The new trend is adding cottage cheese to your diet. Where does fad end and healthy eating begin?
- Cottage cheese is a good source of protein, calcium and probiotics. But the salt content can add up quickly.
- When working cottage cheese into your diet, plan your meals and eat in moderation. Options include cottage cheese as a snack, replacing it in a simple dish, blending it into a liquid or mixing it into a recipe.
Cottage cheese pancakes? 575,000 views on TikTok.
Cottage cheese ice cream? 163,000 likes and 12,000 shares.
“It seems like 2023 is the year that cottage cheese finally gets the respect it deserves,” says another health influencer.
They’re statistics and view counts that might make you chuckle. But cottage cheese can be a welcome addition to your diet if you follow guidelines that any expert will tell you: plan meals, and eat in moderation.
Cottage cheese basics
Carly Zimmer, a registered dietitian-nutritionist at OSF HealthCare, says cottage cheese combines skim milk and an acid like lemon juice or vinegar. It separates into curds (the small white chunks of cheese) and whey (the liquid part).
“In processing, there’s a cream-salt mixture that’s added to give it flavor and the softer, creamier texture,” Zimmer says.
Emulsifiers and gums are also added to create the creamy mouthfeel and prevent separation, but Zimmer says those aren’t a big dietary concern.
What you do need to keep a close eye on: salt (listed on a food label as sodium). Zimmer says in a typical half cup of cottage cheese, there are 400 to 500 milligrams of salt.
“It can add up quickly,” she says.
“For somebody with high blood pressure, heart disease or congestive heart failure, watching your sodium is pretty important. Cottage cheese may not be the best option,” Zimmer adds.
For people with those conditions, Zimmer says the recommendation for daily sodium intake is 1,500 to 2,000 milligrams. For others, it’s no more than 2,300 milligrams. This means you should look at food labels, do some math and portion appropriately. A low fat or fat free option may also help.
But there’s positive news: Zimmer says cottage cheese is a great source of protein.
“Protein helps with building muscle, immune health and keeping you full,” Zimmer says.
The general recommendation for protein intake is 0.8 grams per kilogram of body weight per day. For example, a 150 pound person needs around 55 grams of protein per day.
Cottage cheese is also a good source of calcium, which promotes bone health. And some brands also have probiotics, which help with gut health. Look for “live and active cultures” on the food label.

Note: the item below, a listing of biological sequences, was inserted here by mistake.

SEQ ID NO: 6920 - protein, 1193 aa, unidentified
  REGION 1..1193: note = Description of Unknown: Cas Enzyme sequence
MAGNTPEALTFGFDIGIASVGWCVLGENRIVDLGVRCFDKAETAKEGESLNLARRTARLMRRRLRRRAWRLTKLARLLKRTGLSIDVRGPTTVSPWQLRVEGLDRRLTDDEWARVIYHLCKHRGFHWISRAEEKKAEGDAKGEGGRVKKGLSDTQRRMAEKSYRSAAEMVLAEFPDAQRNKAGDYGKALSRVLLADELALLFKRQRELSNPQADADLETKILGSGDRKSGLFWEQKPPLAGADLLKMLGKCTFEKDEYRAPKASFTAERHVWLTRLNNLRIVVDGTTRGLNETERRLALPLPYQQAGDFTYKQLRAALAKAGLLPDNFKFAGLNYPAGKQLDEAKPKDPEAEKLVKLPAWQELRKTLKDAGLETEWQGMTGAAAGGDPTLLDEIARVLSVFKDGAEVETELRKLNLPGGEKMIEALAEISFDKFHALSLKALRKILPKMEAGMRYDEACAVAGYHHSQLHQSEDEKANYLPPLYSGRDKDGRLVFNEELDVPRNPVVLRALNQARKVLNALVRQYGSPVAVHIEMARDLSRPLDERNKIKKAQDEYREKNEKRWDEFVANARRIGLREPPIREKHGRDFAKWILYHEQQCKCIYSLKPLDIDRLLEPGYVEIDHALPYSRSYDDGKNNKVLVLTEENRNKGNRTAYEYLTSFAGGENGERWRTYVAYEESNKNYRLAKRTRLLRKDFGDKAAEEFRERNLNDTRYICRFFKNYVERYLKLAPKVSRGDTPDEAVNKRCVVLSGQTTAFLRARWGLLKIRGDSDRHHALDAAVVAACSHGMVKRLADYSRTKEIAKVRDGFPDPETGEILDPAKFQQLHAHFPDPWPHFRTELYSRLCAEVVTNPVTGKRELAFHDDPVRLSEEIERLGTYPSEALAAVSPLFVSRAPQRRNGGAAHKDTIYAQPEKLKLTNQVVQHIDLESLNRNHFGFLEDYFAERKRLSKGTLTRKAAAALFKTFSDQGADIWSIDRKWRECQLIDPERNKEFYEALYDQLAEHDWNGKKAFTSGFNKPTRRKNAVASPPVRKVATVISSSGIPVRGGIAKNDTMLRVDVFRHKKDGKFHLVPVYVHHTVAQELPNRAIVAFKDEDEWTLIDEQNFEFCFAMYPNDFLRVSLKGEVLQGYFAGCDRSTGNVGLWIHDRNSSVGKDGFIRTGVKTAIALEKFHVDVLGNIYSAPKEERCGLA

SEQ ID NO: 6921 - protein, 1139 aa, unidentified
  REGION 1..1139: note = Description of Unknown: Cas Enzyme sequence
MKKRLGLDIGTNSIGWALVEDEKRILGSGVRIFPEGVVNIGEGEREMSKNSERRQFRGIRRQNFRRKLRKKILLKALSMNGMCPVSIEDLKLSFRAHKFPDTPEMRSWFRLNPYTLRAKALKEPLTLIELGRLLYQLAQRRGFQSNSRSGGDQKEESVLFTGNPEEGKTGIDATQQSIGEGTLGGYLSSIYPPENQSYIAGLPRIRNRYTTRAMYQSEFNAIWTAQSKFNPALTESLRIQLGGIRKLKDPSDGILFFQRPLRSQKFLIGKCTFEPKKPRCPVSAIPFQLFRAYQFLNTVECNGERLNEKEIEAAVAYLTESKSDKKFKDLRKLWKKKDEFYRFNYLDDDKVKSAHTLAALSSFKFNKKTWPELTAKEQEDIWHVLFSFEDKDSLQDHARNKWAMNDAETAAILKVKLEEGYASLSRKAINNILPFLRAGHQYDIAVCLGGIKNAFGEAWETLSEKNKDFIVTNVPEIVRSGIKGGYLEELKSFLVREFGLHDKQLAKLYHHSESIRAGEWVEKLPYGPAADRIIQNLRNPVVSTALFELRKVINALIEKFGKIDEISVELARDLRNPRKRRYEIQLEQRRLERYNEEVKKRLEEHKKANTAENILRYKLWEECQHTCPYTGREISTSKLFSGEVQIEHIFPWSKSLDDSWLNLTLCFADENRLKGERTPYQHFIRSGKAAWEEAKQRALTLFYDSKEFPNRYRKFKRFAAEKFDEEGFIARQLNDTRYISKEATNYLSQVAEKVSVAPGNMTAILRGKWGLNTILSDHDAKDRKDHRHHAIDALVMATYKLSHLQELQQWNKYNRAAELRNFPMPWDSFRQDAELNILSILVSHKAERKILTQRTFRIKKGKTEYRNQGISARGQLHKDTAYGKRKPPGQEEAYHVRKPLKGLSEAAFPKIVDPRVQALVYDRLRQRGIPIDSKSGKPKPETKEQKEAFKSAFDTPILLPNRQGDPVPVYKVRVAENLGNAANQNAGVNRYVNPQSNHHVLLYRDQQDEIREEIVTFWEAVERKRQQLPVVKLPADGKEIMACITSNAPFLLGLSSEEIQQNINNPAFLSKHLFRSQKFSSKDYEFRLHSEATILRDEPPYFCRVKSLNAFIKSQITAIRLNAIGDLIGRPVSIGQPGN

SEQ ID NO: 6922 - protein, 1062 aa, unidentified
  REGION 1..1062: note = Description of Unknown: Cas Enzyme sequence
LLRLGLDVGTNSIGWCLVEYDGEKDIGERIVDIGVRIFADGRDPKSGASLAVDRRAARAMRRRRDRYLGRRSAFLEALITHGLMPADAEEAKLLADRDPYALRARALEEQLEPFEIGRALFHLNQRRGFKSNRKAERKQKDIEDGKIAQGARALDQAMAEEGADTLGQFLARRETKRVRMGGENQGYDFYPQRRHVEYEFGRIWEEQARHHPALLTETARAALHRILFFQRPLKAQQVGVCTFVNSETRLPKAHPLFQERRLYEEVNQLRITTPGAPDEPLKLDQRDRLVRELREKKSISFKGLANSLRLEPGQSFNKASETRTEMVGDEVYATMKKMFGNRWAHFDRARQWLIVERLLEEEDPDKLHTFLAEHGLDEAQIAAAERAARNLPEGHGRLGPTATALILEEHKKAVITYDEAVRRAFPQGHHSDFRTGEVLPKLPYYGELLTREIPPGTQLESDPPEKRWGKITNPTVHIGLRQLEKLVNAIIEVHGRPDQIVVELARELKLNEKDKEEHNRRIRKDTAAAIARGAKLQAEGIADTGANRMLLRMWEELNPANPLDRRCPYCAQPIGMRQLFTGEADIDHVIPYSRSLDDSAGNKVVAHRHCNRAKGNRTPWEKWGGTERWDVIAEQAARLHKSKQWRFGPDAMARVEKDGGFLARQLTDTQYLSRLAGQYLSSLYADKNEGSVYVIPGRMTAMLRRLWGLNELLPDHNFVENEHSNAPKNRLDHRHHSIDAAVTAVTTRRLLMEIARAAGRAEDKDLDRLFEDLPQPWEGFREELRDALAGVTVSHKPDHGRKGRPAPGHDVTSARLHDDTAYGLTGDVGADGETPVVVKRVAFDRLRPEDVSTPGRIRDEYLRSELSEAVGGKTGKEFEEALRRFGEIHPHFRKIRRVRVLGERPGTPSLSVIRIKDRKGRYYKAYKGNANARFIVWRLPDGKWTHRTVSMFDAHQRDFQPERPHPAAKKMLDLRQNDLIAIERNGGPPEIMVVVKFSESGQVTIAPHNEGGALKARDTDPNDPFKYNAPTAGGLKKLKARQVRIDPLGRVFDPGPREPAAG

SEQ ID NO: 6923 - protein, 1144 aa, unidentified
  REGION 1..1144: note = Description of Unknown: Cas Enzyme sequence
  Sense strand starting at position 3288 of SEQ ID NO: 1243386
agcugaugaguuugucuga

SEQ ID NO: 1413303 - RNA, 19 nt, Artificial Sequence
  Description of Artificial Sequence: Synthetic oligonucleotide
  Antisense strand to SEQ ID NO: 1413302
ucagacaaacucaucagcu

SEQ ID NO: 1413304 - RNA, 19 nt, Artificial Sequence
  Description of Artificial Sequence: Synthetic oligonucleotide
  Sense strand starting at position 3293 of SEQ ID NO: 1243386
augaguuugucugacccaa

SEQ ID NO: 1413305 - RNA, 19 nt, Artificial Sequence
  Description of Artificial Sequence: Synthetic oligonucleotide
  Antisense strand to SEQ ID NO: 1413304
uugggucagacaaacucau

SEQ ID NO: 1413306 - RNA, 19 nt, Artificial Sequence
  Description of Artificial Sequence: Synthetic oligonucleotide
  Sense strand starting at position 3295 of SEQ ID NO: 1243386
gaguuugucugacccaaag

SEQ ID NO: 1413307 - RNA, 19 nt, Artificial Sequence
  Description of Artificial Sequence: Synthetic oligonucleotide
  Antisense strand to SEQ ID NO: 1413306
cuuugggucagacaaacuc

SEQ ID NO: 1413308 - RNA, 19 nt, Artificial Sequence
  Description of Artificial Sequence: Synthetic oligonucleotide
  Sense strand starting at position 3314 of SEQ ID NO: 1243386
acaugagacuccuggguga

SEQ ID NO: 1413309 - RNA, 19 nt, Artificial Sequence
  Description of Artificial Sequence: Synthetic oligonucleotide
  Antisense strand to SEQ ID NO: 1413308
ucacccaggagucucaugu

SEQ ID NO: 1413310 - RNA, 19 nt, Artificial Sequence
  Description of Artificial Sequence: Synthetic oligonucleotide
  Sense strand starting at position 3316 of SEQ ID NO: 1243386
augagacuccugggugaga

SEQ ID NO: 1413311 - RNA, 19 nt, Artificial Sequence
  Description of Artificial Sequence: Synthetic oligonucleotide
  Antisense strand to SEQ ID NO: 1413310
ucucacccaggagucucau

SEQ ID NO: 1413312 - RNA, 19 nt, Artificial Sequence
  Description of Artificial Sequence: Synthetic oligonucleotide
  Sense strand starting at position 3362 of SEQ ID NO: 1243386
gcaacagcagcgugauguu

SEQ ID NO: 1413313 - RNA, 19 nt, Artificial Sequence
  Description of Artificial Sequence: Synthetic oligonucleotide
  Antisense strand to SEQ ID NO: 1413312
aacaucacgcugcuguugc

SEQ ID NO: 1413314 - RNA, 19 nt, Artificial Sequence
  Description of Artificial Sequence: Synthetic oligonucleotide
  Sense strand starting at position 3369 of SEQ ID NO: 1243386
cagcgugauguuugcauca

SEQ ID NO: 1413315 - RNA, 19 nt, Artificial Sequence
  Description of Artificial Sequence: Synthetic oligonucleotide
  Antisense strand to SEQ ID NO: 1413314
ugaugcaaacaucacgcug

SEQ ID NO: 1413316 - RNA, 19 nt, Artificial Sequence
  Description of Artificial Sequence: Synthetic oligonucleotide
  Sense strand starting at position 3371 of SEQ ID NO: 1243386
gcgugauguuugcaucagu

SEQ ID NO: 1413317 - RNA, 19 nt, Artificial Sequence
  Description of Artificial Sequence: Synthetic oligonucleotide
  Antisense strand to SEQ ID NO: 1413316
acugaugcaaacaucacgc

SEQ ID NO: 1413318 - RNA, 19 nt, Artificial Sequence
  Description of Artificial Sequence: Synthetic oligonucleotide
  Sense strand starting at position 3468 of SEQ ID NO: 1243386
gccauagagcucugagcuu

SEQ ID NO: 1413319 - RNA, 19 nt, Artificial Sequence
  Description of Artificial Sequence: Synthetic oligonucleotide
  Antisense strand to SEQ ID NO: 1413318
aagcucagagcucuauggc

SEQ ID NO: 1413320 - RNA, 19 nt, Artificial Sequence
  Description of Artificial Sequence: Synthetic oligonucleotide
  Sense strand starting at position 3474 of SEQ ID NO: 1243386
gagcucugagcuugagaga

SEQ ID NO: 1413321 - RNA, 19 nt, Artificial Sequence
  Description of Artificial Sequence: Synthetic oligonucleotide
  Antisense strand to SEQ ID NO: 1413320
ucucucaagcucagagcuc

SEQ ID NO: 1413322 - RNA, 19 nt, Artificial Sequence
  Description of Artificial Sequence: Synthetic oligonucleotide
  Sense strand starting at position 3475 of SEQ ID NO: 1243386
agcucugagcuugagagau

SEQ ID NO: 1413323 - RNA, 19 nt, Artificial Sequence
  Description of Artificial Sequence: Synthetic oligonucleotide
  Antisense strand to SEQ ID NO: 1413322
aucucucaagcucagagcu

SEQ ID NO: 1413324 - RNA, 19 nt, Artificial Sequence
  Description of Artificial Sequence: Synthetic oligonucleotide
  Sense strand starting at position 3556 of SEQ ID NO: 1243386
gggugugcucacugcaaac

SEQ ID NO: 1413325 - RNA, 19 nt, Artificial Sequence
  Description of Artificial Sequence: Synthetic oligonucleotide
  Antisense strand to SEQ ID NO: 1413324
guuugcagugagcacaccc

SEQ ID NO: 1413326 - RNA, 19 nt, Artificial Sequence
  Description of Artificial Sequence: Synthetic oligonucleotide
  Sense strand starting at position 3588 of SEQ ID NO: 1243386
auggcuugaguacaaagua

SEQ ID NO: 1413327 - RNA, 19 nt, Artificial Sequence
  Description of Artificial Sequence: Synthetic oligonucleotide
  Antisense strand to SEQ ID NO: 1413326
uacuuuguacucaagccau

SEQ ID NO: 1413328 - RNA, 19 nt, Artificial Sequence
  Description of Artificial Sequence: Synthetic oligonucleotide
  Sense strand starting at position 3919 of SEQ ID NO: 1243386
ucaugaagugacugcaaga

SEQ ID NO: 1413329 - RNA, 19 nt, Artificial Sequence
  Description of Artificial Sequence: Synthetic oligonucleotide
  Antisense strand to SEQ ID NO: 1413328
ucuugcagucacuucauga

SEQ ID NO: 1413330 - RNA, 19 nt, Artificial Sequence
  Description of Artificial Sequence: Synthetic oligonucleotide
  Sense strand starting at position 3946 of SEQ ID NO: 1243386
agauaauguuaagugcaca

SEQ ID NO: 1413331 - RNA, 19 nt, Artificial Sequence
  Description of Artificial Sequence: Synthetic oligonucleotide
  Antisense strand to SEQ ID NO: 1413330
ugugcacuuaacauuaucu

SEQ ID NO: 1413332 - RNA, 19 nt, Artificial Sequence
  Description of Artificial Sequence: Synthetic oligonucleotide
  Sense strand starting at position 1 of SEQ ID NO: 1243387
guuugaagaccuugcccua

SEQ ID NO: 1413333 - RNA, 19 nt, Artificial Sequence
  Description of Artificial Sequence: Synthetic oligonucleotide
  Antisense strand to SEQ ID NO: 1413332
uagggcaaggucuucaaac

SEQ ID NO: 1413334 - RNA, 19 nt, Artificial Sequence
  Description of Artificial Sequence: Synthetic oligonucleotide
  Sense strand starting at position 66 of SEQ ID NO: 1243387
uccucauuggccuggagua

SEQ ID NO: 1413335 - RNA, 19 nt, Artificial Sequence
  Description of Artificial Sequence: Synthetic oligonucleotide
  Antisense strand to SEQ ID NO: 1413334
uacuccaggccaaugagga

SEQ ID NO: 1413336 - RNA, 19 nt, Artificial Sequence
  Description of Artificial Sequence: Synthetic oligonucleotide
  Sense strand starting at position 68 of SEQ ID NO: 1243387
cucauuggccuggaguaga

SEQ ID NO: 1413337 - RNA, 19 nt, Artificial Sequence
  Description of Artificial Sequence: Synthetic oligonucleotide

Plenty of options
So, how can you work cottage cheese into your diet and be healthy about it? Zimmer says there are plenty of ways, and you can experiment to find out what tastes good.
· A popular choice, she says, is to have cottage cheese as a side dish or snack. Try pairing it with fruit.
· Replace an ingredient with cottage cheese in a quick meal. On a sandwich, swap mayonnaise for cottage cheese.
· Blend cottage cheese down to a liquid and mix in a ranch seasoning packet. You have a new type of vegetable dip or salad dressing. Or blend cottage cheese with fruit for a new take on yogurt.
“It’s another way to get the benefits of cottage cheese if you don’t care for the texture,” Zimmer says.
· A popular one among the people Zimmer counsels on healthy eating: mix cottage cheese into scrambled eggs as they cook on the stovetop. Stir the curds in. As they melt, it makes the dish creamier.
· A storage tip: Zimmer says putting cottage cheese upside down in the refrigerator can help keep the fresh taste for longer. But, don’t disregard expiration dates. And if you develop significant symptoms after eating food, like vomiting, diarrhea or stomachache, see a health care provider.
· What about the TikTok inspired recipes like cottage cheese lasagna? Too good to be true?
“Cottage cheese adds protein, so it could have its place in recipes. But I wouldn’t go out of my way to say it needs to be added,” Zimmer says. “It depends on the person and what they like.”
Another way to look at it: the body can’t store protein. Once bodily needs are met, extra protein is used for energy or stored as fat. So, binging on cottage cheese may not do favors for your waistline.
Visit the OSF HealthCare website for cottage cheese-inspired recipes.
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